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An innovative method for the synthesis of chiral molecules

Chemists have developed an innovative method for synthesizing chiral molecules that can be used as drugs. The method has already been adopted by researchers in the field of drug development

Figure 2: Chirality demonstrated by hands and by a molecule in a right-handed and left-handed configuration. Image source NASA, taken from Wikipedia.
Figure 2: Chirality demonstrated by hands and by a molecule in a right-handed and left-handed configuration. The source of the image is NASA, taken from Wikipedia.

[Translation by Dr. Nachmani Moshe]

Chemists from the TSRI Research Institute have developed an innovative method for creating chiral drug molecules. "Our process provides a completely new route to the creation of one of the most important structures in the field of chiral molecules, chiral beta-centers, and should accelerate the development of chiral drugs," lead researcher Jin-Quan Yu, a professor in the Department of Chemistry at the TSRI Institute, following the paper published in written - Now the prestigious Science.

A chiral molecule is not physically symmetrical; It has a "mirror image" that looks slightly different - like a glove on the right hand is a little different from a glove on the left hand. Usually, only one of these formations has the required biological properties - the other may even cause unwanted side effects. Therefore, most modern drugs today contain only one chiral configuration. The ability to do this is not so simple; There are only a relatively small number of useful reactions that lead to a single chiral configuration without giving rise to an equal mixture of the two configurations. As part of the current research, the team faced the problem of adding chiral asymmetry to common organic structures at the ends of which there is a carbon atom bound to two hydrogen atoms through single bonds - in the language of chemists 'beta methylene'.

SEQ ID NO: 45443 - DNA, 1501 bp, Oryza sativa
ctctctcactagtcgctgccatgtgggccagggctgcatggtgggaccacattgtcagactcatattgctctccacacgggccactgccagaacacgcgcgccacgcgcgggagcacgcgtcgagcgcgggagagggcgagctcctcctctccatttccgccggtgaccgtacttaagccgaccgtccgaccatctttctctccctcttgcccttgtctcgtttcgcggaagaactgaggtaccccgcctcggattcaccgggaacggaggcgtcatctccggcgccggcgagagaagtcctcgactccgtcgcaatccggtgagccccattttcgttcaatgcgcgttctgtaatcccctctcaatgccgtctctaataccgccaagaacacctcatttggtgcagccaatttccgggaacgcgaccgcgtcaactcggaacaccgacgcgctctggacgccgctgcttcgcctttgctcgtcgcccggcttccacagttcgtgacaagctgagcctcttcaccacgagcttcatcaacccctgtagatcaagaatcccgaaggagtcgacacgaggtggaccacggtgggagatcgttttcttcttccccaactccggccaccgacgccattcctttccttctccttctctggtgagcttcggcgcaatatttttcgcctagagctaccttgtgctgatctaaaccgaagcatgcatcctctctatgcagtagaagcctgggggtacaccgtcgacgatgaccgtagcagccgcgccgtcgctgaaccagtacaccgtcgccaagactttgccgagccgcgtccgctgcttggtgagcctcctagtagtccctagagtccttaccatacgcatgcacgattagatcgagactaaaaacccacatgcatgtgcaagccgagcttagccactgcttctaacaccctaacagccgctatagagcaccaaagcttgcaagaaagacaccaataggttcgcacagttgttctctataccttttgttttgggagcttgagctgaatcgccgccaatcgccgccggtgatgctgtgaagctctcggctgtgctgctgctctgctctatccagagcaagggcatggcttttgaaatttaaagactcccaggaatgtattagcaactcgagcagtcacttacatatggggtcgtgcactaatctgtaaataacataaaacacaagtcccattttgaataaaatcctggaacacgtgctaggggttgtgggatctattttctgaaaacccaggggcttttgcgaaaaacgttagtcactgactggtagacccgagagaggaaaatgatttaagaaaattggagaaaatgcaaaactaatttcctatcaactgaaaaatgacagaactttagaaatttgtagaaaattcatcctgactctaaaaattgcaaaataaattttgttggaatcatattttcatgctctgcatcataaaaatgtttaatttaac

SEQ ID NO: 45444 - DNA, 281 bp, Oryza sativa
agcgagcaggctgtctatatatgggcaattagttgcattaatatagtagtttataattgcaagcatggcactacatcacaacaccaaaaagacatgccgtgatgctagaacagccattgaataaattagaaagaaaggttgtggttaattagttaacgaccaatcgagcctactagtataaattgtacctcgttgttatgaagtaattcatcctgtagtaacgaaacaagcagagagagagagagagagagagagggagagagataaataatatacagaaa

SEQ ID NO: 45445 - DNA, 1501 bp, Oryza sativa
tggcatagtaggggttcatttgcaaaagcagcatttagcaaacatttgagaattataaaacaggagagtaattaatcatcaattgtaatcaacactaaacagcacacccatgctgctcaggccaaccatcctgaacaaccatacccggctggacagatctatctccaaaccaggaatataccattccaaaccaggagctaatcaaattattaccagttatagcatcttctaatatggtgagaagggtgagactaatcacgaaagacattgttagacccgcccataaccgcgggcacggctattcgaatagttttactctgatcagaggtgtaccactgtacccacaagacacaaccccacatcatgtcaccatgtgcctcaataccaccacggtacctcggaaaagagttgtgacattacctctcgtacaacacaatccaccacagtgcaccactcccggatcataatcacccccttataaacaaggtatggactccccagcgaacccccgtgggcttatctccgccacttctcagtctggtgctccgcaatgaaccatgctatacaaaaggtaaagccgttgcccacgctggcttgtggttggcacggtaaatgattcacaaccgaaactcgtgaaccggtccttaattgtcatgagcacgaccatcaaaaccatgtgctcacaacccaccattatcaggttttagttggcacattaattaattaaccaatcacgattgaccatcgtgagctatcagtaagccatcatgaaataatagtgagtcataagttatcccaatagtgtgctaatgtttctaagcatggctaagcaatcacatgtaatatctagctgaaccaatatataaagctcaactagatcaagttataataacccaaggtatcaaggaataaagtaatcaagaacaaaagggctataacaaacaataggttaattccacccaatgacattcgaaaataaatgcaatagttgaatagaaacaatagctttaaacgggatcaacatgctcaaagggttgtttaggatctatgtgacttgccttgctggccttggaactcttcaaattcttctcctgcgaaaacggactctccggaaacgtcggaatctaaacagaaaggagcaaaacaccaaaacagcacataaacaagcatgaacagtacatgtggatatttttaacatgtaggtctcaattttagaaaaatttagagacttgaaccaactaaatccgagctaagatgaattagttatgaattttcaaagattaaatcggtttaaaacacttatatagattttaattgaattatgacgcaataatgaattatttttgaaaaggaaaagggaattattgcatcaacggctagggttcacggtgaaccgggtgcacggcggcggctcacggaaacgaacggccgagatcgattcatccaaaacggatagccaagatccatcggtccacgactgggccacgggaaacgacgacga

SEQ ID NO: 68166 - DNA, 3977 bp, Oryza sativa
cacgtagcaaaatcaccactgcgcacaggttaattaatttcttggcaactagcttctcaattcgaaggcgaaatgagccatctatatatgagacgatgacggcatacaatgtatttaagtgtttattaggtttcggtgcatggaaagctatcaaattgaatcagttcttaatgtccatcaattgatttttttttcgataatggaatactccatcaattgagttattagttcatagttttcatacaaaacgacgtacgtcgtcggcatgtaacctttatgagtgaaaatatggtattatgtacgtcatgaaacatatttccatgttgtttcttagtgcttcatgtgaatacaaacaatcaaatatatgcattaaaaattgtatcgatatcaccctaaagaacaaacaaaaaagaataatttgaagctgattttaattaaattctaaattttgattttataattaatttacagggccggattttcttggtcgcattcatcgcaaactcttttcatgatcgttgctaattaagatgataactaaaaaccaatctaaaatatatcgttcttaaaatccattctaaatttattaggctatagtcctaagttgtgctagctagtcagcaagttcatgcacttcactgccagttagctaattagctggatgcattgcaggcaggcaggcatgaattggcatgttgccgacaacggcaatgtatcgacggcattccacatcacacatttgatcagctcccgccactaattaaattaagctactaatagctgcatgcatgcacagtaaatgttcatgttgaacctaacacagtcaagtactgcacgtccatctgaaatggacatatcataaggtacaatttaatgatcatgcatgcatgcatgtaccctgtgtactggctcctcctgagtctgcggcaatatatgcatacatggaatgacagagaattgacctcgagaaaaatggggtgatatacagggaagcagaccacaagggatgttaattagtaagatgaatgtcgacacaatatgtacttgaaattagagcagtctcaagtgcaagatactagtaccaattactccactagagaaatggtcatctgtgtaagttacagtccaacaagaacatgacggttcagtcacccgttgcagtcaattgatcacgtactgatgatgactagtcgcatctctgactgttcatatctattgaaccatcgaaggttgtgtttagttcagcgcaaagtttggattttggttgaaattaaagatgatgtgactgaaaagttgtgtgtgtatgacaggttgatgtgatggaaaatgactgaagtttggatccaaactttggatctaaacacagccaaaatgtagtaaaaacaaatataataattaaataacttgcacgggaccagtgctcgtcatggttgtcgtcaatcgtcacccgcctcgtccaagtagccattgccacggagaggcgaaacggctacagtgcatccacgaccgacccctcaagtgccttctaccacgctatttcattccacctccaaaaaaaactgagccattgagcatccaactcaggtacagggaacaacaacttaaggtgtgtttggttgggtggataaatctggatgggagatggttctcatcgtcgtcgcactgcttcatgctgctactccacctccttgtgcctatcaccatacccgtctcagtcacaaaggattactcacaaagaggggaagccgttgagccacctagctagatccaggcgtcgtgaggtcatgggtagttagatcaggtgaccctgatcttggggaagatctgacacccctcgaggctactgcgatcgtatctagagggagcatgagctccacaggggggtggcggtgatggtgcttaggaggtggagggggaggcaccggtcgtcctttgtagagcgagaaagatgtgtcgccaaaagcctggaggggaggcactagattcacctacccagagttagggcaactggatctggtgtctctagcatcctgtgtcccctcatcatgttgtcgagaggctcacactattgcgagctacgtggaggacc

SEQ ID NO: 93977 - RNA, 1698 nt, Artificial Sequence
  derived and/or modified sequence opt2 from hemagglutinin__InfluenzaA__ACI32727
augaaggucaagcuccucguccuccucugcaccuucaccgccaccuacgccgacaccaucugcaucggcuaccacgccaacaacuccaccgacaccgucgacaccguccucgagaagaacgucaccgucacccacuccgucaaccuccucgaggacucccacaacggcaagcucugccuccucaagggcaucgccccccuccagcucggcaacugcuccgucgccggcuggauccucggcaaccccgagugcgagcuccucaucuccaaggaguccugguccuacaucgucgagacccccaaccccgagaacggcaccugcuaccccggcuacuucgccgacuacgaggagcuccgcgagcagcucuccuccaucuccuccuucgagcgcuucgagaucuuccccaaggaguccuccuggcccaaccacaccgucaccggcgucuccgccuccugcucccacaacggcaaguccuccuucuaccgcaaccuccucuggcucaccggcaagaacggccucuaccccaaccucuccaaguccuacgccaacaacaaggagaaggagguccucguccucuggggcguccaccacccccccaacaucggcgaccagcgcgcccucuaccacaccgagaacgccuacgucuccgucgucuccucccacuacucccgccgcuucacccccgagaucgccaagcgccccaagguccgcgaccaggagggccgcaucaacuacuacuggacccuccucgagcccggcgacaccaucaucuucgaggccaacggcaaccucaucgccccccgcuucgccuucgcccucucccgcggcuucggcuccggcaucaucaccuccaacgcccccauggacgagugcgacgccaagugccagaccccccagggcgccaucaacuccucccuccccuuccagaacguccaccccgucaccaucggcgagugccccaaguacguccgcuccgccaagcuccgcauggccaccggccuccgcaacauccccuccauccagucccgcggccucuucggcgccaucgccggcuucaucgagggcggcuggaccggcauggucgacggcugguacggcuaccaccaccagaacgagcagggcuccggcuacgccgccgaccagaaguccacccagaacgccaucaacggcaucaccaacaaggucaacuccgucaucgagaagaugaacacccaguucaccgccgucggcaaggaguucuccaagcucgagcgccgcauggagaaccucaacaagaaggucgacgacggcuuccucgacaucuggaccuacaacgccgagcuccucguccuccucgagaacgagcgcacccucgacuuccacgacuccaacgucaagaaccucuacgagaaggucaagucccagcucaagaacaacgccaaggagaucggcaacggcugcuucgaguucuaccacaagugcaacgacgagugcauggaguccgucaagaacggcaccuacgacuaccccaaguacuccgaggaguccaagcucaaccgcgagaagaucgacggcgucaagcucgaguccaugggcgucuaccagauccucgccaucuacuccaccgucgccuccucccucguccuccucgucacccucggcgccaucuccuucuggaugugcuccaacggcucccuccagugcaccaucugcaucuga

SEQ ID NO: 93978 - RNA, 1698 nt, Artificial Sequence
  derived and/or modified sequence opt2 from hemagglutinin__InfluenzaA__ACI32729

The ability to selectively convert only one of these two hydrogens in a new group of atoms (functional group) will make the structure asymmetric and allow the acceptance of beta-chiral centers in a wide variety of chiral drugs. However, chemists still do not have a simple method to do this - the common method requires the use of an additional step of creating a double bond between two adjacent carbon atoms. In recent years, the team of researchers has assisted in the pioneering development of a number of strategies that enable the targeting of a palladium atom - whose properties make it an excellent catalyst for breaking bonds - to the exact site in the organic molecule, with the aim of breaking a selected carbon-hydrogen bond. In this case, the researchers developed a chiral catalyst capable of directing a palladium atom to selectively break a bond between the carbon and only one of the two hydrogens attached to it, creating an asymmetric center.

In their research, the chemists were able to remove the hydrogen and convert it into a variety of aryl groups - ring structures commonly found in drug molecules. The catalyst structure includes two ring groups that bind to palladium. The new method works well in two broad and inexpensive groups of starting materials - aliphatic amides and carboxylic acids, while obtaining good utilizations and very high ratios of one chiral configuration compared to the other. In principle, this method can be extended further. "We are currently investigating the possibility of extending our method to other starting materials such as alkyl amines and alkalis," says the lead researcher. "In addition, we are also investigating possibilities that the hydrogen conversion will not only be in aryl groups, but in a much wider variety of organic groups that include nitrogen or oxygen atoms in their content," says the researcher. As part of a commercial agreement, the pharmaceutical company Bristol Myers-Squibb is already using the innovative method in order to create chiral gamma-amino acids required for the synthesis of drugs.

The news about the study

Article SummaryA chiral molecule. University of Gothenburg.

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